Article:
Whether you love or loathe President George W. Bush, his story is incredible and director Oliver Stone clearly realizes that. In Stone’s version of recent American history, we witness Bush (Josh Brolin) as he fails at one occupation after another, disappoints his father (powerfully played by James Cromwell), gives up substance abuse, embraces Christianity and finds himself in over his head as the 43rd President of the United States.
Is this a fair and balanced portrayal? Absolutely not. Yet Stone’s film can be wickedly entertaining and Brolin’s great performance is one of the many examples in which the cast is as stunning as their resemblance to their real-life counterparts. Thandie Newton is amazing as Condoleezza Rice (you’ll forget you’re watching an actress). There’s also Richard Dreyfuss (as a manipulative Dick Cheney), Elisabeth Banks (winning as Laura Bush), Jeffrey Wright (a sympathetic Colin Powell), Ellen Burstyn (a spitfire as Barbara Bush), Scott Glenn (fantastic as “Rummy”) and Toby Jones (portraying Karl Rove as a calculating suck-up). The performances are so terrific, I wanted to like the movie more than I did.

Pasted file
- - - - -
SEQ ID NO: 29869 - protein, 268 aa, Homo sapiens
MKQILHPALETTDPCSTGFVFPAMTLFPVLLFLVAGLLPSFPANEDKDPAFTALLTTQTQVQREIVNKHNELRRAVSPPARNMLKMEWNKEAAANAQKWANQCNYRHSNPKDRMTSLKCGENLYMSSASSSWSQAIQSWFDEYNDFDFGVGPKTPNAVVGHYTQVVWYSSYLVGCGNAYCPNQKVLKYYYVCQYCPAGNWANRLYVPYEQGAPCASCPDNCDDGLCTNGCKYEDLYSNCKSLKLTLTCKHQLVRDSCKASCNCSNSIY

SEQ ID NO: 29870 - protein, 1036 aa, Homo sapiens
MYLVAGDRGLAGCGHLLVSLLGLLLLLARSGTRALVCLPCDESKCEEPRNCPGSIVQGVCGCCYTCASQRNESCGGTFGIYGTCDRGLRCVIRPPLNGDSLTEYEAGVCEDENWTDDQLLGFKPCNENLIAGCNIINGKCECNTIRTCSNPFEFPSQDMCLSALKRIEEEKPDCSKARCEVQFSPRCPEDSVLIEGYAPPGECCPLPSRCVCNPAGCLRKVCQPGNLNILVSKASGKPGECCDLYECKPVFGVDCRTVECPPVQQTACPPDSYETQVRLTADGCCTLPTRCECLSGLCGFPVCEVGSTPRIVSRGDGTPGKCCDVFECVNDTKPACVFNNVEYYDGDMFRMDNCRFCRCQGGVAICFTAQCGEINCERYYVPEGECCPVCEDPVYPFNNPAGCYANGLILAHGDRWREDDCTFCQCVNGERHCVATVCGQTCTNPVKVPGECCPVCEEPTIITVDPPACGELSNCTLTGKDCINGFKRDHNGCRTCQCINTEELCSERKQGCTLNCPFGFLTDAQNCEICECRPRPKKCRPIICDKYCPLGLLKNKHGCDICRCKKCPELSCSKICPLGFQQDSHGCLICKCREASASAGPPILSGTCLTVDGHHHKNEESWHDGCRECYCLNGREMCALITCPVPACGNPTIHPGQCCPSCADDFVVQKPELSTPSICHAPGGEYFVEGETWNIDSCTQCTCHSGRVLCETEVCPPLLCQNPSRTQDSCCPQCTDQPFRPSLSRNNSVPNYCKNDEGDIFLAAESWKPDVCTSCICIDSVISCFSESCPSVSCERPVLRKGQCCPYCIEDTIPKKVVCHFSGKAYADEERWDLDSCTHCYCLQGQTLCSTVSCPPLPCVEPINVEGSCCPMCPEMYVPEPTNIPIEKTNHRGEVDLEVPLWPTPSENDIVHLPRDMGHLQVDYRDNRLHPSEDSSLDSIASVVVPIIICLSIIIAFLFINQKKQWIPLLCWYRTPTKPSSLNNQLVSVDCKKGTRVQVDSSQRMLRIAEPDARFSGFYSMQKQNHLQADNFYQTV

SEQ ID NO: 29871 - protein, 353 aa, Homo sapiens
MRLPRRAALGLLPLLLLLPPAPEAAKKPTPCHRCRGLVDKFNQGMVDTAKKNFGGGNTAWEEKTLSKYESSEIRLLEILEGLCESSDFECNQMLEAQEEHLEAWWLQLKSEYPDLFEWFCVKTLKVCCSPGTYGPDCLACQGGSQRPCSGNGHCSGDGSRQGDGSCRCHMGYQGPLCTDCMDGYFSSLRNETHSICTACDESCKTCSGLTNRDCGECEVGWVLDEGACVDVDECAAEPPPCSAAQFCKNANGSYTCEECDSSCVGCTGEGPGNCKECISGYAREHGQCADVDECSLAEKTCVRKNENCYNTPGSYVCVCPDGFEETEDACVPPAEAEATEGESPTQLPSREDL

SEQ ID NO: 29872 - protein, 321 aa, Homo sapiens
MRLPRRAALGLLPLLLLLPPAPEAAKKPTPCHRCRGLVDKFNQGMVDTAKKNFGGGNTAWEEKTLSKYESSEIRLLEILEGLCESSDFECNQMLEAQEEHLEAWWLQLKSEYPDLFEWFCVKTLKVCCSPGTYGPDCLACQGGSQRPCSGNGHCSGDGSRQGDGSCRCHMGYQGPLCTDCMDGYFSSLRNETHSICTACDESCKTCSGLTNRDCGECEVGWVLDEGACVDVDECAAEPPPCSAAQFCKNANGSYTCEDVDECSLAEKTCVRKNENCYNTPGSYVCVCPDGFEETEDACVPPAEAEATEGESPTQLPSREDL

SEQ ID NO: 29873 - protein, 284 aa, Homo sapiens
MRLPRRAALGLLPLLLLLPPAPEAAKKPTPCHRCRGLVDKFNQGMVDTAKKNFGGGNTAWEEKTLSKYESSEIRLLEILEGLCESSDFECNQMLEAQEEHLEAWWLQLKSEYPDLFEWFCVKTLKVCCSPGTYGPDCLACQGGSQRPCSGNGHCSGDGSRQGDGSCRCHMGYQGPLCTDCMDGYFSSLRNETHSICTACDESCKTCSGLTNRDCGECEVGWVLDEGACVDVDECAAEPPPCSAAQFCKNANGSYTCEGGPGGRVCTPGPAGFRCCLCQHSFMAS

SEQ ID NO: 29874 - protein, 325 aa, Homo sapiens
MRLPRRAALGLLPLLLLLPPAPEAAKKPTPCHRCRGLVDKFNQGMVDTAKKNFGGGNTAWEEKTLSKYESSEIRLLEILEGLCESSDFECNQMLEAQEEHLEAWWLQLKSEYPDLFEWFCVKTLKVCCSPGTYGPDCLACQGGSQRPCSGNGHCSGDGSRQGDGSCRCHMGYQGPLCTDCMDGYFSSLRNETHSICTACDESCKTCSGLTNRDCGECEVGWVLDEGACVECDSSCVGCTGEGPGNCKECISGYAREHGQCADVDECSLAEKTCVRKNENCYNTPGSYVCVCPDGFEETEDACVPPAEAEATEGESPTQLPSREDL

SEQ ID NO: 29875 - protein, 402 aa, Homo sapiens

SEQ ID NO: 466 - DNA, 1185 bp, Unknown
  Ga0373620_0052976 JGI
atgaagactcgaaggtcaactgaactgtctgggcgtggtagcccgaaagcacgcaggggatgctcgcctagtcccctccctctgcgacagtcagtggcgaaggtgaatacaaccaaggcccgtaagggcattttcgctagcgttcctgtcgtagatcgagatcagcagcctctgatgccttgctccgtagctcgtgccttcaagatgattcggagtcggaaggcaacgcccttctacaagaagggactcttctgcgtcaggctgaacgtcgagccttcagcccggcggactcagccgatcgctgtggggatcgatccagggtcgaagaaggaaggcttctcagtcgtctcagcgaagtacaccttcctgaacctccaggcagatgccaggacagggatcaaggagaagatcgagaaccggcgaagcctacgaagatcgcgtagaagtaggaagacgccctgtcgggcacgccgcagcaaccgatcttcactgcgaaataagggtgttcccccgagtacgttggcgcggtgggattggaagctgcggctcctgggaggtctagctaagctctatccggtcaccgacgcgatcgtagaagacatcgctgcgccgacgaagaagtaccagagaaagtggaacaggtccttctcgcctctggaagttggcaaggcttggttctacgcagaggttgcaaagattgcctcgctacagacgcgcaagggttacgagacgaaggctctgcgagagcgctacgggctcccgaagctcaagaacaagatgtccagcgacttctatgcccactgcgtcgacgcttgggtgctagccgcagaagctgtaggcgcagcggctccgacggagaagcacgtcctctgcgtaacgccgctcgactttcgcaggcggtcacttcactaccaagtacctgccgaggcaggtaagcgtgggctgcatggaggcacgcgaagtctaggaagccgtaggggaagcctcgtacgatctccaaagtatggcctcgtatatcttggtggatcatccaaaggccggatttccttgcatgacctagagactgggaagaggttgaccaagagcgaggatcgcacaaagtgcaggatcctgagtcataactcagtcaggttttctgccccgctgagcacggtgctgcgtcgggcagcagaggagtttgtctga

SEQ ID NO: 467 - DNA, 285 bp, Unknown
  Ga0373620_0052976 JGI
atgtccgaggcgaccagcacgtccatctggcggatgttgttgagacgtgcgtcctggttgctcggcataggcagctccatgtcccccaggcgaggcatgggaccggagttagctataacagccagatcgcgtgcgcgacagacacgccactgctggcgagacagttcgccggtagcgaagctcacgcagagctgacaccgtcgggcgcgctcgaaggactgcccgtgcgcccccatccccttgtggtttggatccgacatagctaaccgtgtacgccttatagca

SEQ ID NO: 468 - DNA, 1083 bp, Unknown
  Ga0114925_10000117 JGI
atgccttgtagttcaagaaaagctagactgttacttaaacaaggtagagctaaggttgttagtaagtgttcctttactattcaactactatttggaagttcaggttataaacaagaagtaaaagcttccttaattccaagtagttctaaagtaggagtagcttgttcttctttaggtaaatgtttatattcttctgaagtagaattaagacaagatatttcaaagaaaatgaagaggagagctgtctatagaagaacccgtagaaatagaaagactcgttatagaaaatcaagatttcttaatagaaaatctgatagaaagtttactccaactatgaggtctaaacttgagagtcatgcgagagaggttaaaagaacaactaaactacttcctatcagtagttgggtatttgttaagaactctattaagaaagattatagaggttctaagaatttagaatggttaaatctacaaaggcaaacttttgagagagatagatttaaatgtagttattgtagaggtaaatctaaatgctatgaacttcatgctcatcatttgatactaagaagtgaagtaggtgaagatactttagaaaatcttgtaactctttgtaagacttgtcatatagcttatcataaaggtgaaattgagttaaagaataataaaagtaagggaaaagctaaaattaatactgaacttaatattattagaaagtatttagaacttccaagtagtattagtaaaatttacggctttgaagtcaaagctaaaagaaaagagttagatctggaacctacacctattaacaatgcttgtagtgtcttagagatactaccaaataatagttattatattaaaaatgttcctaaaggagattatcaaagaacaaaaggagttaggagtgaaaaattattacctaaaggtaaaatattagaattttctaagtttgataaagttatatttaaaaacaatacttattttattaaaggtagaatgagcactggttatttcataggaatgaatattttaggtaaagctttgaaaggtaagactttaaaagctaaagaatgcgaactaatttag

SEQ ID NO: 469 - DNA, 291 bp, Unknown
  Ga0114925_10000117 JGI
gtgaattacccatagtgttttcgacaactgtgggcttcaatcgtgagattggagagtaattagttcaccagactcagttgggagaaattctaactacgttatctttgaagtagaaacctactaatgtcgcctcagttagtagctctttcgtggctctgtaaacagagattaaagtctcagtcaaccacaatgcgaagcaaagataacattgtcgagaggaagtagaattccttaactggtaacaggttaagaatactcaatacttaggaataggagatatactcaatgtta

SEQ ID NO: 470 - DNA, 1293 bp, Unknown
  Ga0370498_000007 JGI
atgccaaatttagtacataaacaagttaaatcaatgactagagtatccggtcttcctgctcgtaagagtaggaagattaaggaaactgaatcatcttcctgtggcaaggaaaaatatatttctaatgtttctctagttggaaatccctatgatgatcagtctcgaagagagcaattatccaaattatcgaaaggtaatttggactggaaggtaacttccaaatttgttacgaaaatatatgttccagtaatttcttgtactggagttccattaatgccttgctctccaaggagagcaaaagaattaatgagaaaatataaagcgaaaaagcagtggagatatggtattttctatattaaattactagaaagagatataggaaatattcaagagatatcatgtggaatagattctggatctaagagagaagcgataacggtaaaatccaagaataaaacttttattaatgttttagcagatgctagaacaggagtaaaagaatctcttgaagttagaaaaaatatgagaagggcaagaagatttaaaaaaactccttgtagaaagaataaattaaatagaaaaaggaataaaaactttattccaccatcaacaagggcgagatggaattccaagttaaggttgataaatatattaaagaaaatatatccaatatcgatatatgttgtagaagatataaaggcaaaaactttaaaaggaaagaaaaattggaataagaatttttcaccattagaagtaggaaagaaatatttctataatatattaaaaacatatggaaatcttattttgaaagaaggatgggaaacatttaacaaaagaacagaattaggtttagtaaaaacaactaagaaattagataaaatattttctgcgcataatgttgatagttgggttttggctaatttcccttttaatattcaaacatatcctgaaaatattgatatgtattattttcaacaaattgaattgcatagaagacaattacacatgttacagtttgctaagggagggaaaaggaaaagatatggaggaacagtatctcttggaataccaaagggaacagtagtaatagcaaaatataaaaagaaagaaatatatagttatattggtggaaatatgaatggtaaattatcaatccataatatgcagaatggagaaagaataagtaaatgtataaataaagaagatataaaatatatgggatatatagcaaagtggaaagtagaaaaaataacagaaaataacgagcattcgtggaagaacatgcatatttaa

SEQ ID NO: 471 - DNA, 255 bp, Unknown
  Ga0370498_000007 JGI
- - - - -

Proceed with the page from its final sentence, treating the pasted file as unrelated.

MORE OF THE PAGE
After a fast, enthralling first half, chronicling Bush’s fall and rise to power, the pace begins to drag (the film feels far longer than the 110-minute running time). There are key moments from Bush’s political career that are strangely omitted (like his controversial 2000 election win and 9/11). On the other hand, Bush’s faith in Christianity is depicted with surprising restraint and without mockery. The song selection for the soundtrack is well chosen but Paul Cantelon’s score is cartoonish and heavy-handed. Stone mostly avoids outrageous touches and lets the story tell itself without additional embellishments (although, to be fair, Bush defenders have a real case that Stone thoroughly depicts Bush as a buffoonish loser). The most audacious scene (a dream sequence where W. and H.W. Bush duel in the Oval Office) is cut too short to make an impression, and many stabs at symbolism (like the closing scene) are too obvious and silly.
Flawed but engrossing, Stone’s near-great film is, sadly, no JFK or Nixon. When it works, it’s fascinating and funny. But when it doesn’t, it plays like an overlong SNL skit. MTW